Today’s recipe is a little riff on a family favorite. I, like most people who grew up on the East Coast of Canada, grew up eating fish and seafood chowder. My grandmother always made a huge pot whenever and wherever the entire family congregated. Naturally, the chowder was always accompanied by a fresh batch of tea biscuits. I often say that this combo would be my preferred last meal. It is perfect, so why mess with it? Well, because I can’t help it. It’s not in my nature to leave well enough alone. Today’s Miso Clam Chowder is not an improvement of a childhood favorite because you can’t improve upon perfection. This is not an attempt to elevate, this is playtime. Delicious playtime, I might add.
Confit Tomato Soup
It’s hard to get excited about a tomato in the dead of winter. Actual tomato season is still months away and most of what you find in grocery stores right now are light in flavor and mealy in texture. Not exactly the stuff of tomato dreams. But while it may not be the ideal time for something like my heirloom tomato pizza, it is prime time for this Confit Tomato Soup. When you lazily cook anything in a vat of olive oil it’s going to be good. The confit process concentrates the flavor of the tomatoes and brings out their sweetness while reducing their acidity. In other words, the confit method transforms lackluster winter tomatoes into flavor powerhouses.
Smoked Tofu Chili with Crushed Corn Chips
There’s been a lot of talk about belt-tightening lately. And it’s not hard to see why. I paid $8 for a pound of butter the other day. And I have very fond memories of paying $6 for the same amount not that long ago. Consequently, I have been more financially conservative at the grocery store. A necessity I hate and resent. And all of these limitations have me reminiscing about my university days, particularly the struggle meals that sustained me. Today’s Smoked Tofu Chili is a descendant of one such meal. I guarantee whatever concoction I was eating ten years ago was not as good as this. But the bones were there and the comfort it gives me is the same, so let’s make it.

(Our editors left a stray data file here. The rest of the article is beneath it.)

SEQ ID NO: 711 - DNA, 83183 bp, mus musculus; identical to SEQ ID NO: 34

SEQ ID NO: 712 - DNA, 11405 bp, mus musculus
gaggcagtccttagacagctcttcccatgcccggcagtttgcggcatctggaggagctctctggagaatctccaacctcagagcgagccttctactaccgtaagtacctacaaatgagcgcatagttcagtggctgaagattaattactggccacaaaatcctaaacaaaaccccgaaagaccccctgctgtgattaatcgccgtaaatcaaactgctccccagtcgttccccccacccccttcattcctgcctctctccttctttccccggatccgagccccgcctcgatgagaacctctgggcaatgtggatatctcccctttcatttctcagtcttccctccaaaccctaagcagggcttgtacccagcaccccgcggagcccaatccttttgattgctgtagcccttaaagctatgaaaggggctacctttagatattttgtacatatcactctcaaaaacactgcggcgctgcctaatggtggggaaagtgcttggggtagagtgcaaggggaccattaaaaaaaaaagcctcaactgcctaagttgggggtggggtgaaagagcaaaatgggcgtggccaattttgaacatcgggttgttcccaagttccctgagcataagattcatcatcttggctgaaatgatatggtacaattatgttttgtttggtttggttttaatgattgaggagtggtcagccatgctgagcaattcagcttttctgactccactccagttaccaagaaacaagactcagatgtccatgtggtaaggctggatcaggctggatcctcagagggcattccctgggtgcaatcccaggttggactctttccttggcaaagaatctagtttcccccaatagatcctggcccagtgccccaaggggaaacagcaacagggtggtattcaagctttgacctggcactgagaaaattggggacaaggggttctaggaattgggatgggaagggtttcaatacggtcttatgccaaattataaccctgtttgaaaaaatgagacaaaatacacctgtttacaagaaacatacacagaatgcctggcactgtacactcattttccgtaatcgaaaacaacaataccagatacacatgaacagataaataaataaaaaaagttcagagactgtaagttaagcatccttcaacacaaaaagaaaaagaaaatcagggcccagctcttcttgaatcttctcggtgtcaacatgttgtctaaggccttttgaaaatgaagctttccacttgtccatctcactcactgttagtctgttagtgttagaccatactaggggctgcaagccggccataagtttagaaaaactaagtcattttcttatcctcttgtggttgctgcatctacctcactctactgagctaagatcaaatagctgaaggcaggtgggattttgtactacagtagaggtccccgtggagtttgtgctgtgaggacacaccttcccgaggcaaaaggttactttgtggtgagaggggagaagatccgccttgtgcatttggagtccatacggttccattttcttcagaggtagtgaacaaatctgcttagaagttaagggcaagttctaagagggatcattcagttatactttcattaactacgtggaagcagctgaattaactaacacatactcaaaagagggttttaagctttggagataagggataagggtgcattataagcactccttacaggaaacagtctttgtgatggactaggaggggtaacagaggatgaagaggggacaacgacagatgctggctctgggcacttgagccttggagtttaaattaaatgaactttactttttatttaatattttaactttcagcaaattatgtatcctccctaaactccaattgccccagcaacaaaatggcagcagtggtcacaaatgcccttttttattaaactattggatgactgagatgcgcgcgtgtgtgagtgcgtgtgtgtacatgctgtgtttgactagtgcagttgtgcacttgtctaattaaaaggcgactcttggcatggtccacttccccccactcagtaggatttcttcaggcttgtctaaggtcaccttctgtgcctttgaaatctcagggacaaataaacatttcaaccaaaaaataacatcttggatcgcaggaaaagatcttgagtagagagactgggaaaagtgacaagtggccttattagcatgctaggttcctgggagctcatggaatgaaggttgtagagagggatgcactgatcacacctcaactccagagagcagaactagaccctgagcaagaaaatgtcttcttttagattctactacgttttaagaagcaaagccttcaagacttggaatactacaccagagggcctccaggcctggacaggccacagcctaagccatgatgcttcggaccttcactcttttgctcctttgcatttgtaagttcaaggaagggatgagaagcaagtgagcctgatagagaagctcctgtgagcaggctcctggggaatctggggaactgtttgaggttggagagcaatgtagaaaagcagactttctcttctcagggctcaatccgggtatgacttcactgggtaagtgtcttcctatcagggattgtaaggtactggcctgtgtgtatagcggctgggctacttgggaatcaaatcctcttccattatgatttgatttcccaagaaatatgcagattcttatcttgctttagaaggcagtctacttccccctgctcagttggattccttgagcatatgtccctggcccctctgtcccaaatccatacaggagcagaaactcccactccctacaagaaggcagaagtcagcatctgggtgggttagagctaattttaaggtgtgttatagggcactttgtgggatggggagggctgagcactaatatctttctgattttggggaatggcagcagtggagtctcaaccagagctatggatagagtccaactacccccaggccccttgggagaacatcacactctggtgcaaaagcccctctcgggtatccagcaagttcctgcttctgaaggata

Turkey Pistou Stew with Pearl Couscous
It’s Thanksgiving for my neighbors to the south today. I’m sure most of them are absorbed in the pie-of-it-all right now. But once the wishbone is broken and the last round of coffee is served, they will be confronted with a new task – consuming all the leftovers. Now, this is one of those good problems to have to be sure. But being Canadian, I know how repetitive turkey day leftovers can be. Don’t get me wrong, I love a turkey sandwich as much as the next girl. But eventually, you start to miss the way you used to eat. Pasta, salads, noodles, and of course, soup. Luckily, a leftover, like turkey, can find a home in all of the above. But today we’re concentrating on this Turkey Pistou Stew with Pearl Couscous. Why? Because this soup is perfect for those final bits of the bird that aren’t exactly sandwich-worthy.